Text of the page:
Law and Mediation Office of

 Laurel Tuvim Amaya


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How does Mediation Work?

Mediation is a settlement process in which the negotiation is guided by trained third party.   Through this process and with the assistance of the mediator, the couples, whether divorcing or resolving parenting conflicts, are able to resolve their own dispute.   The use of the mediator benefits the parties by helping  the communication process, maintaining structure for the discussion, and working to avoid impasse and breakdown of the discussion. Mediation works well for people who want to come to a settlement themselves, but are unable communicate and/or address the issues without someone in "the middle."  The  mediator's job is to help discern the objectives, or interests, of each person, and work with both parties to find a resolution which will best meet the respective goals. 

Mediation works for people who cannot communicate without arguing.  You might say, "She/He doesn't understand what I'm saying",  "He/She doesn't listen to me", "We have different goals."  The mediator will find a way to "bridge" the communication difficulties, so that each person's voice can be heard, enabling productive negotiation to take place.  Then, once an agreement is reached, the mediator can also draft the agreement, and submit it to the court so the agreement can become an enforceable court order. 

The Collaborative Method


Collaborative Practice is a new way for you to resolve disputes respectfully -- without going to court -- while working with trained professionals who are important to all areas of your life.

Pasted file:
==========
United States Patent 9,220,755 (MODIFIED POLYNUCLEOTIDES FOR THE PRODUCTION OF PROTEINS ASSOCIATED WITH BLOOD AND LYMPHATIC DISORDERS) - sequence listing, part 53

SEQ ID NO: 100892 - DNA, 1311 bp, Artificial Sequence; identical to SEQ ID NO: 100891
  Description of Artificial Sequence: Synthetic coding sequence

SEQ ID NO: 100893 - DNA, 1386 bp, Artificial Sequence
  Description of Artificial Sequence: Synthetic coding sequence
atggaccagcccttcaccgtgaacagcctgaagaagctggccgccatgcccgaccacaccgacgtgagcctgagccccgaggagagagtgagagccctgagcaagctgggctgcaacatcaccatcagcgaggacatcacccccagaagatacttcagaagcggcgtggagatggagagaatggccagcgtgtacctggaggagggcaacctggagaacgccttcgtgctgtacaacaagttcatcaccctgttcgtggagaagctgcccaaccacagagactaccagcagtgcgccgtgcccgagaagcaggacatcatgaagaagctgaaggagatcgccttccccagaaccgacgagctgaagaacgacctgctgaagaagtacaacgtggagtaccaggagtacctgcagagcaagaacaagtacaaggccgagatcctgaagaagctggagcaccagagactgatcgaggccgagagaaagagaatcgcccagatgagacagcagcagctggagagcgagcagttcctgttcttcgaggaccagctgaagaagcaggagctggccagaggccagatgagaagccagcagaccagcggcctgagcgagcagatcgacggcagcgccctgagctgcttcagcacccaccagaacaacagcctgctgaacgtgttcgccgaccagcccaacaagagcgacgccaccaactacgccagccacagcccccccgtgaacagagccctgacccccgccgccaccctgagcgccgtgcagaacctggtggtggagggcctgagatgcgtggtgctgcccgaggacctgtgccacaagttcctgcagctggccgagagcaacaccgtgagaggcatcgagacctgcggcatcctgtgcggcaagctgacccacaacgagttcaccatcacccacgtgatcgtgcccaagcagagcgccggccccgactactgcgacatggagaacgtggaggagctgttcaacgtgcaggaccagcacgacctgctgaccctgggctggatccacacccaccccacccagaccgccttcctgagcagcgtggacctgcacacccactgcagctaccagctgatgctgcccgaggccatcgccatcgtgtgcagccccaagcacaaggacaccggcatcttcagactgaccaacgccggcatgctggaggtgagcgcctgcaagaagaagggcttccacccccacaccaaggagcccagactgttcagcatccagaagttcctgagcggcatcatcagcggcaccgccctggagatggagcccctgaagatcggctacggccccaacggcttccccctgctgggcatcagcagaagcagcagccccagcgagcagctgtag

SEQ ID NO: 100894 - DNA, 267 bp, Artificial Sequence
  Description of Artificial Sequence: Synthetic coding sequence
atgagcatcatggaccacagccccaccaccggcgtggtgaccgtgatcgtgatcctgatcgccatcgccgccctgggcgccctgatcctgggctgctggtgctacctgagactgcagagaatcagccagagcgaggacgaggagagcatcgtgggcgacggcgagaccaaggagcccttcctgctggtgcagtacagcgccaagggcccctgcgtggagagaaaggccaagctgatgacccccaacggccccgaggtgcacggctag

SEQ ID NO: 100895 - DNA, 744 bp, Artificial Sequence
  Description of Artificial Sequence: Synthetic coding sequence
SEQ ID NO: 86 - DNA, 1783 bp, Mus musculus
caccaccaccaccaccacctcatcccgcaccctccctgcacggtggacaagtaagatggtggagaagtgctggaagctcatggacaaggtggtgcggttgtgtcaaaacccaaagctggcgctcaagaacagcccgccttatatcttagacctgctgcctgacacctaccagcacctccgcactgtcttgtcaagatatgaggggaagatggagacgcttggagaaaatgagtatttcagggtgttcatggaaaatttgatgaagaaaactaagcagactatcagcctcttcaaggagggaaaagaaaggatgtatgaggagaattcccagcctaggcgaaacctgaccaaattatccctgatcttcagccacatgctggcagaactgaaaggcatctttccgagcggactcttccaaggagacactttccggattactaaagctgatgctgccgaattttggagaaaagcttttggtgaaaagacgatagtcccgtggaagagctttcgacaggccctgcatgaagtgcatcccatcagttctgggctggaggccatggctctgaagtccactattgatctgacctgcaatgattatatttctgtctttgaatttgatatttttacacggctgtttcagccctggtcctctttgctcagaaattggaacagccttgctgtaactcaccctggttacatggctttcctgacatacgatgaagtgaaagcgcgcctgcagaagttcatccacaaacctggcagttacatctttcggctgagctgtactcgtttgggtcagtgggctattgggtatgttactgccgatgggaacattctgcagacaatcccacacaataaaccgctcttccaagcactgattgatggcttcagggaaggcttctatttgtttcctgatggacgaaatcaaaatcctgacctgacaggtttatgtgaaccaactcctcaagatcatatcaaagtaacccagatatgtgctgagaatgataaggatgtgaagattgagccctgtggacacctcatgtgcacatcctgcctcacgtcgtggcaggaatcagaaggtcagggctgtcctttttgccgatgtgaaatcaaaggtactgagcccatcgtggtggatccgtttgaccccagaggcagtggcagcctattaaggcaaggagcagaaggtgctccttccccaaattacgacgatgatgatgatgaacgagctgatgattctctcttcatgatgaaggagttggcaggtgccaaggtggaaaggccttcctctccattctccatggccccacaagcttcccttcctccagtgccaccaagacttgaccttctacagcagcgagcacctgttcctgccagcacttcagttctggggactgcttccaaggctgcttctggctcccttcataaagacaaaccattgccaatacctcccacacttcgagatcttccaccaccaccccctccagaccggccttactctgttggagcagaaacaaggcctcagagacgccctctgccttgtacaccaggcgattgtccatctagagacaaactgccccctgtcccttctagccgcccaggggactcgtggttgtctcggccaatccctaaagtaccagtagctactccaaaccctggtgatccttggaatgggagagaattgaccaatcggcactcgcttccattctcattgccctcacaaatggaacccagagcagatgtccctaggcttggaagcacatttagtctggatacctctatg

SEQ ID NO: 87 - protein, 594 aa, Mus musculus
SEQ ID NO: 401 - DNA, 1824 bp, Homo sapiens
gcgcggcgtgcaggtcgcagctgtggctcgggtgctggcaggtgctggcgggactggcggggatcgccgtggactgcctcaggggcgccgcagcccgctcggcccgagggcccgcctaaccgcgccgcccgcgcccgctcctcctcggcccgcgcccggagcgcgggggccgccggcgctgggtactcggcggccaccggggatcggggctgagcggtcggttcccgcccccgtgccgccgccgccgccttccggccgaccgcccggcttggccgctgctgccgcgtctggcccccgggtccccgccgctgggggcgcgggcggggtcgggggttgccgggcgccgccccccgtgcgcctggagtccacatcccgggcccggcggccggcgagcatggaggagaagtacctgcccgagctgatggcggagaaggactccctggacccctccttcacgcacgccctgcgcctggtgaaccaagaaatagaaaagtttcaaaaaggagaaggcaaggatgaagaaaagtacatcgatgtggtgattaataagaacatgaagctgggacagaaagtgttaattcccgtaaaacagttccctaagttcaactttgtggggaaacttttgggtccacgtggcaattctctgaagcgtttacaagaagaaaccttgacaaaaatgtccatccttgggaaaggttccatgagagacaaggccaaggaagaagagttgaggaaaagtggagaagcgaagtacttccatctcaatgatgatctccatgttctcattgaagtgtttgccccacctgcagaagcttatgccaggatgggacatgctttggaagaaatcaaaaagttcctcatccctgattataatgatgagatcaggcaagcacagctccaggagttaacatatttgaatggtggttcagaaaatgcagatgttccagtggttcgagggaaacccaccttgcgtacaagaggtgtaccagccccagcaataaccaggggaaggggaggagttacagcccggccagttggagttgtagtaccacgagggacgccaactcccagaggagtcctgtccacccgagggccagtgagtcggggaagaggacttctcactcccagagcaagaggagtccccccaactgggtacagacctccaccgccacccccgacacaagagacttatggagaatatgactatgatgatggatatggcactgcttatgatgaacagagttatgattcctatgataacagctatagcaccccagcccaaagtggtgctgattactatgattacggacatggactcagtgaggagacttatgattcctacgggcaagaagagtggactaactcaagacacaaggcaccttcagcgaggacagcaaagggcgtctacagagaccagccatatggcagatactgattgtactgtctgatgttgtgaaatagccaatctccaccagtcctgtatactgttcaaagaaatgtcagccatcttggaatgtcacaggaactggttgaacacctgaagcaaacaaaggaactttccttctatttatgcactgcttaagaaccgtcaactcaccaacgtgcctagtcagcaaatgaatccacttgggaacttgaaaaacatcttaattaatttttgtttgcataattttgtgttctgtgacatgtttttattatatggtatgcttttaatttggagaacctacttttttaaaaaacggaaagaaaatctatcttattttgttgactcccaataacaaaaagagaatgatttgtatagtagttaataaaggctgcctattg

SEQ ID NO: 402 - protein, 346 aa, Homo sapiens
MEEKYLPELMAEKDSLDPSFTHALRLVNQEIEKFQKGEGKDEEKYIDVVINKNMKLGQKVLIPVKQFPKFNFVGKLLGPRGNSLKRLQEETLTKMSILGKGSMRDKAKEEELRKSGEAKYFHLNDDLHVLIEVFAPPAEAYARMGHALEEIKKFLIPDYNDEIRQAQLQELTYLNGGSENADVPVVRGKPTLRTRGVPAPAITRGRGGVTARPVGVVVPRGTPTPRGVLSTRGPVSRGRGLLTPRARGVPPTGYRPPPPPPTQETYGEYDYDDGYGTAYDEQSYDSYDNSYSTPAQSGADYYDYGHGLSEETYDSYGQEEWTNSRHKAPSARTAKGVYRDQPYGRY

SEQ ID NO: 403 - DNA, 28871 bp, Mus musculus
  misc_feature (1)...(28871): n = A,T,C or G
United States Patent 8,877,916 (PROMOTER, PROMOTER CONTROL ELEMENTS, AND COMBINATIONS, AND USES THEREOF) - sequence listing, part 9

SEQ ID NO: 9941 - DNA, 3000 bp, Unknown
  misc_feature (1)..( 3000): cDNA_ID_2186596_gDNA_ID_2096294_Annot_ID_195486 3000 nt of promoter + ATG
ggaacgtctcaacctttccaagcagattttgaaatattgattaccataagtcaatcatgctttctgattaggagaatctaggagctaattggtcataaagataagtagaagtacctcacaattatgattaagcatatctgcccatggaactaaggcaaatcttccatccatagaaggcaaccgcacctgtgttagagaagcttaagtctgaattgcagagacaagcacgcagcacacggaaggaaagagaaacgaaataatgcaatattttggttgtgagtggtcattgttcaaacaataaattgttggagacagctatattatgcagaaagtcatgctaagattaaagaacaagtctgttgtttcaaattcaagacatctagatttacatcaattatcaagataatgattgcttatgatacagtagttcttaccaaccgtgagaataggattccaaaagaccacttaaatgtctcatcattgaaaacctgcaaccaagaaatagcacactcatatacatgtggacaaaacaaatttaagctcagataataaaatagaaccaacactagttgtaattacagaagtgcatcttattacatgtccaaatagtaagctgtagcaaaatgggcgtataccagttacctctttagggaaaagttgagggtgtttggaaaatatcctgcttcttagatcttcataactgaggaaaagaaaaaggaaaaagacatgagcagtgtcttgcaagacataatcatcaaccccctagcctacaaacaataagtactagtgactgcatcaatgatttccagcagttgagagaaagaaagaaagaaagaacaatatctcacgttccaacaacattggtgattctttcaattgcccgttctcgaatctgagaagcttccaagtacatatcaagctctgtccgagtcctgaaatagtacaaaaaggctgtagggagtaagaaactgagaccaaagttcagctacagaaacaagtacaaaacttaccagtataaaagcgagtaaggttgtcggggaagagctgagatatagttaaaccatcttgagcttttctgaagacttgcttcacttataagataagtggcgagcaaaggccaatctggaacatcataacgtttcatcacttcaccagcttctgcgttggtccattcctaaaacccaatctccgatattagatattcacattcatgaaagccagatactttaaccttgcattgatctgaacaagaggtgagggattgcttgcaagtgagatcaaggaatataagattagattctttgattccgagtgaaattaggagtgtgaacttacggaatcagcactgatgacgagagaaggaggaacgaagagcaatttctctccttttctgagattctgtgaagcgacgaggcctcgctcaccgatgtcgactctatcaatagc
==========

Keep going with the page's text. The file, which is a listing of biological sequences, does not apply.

Collaborative Practice or Collaborative Divorce (also called “no-court divorce,” “divorce with dignity,” “peaceful divorce”) enables you and the other party (person) the support, protection, and guidance of your own lawyers without going to court. Additionally, Collaborative Divorce allows you the benefit of child and financial specialists, divorce coaches and other professionals all working together on your team.  One main reason Collaborative Divorce is different is because, in the Collaborative Process, the parties and their attorneys, begin with the sole agreement that they will NOT go to court to resolve their issues but will work together, collaboratively, to create solutions together.


Collaborative uses a team approach with each party has an attorney to advise them in the legal aspects of their agreements. The attorneys are experienced family law attorneys specially trained to work cooperatively instead of aggressively preparing for a court battle. The family law attorneys who have trained and work in the collaborative process, know from their experience, that their clients, and their children, benefit from an resolution that they have created themselves and in which they are invested. The Collaborative process also can include the assistance of coaches, who can be extremely helpful in the emotional issues affecting the reaching of resolutions, including parenting differences, and when necessary the assistance of a child expert and financial consultants.


In the Collaborative Process there is a distinct focus on fairness and respectful problem solving. Often most important, this process helps parents find ways to reduce the negative effects that their divorce and conflict can have on their children.

Collaborative Practice keeps the focus on:


·              Negotiation of a mutually acceptable settlement without having courts decide issues.


·              Open communication and information sharing.


·              Creation of shared solutions acknowledging the highest priorities of all.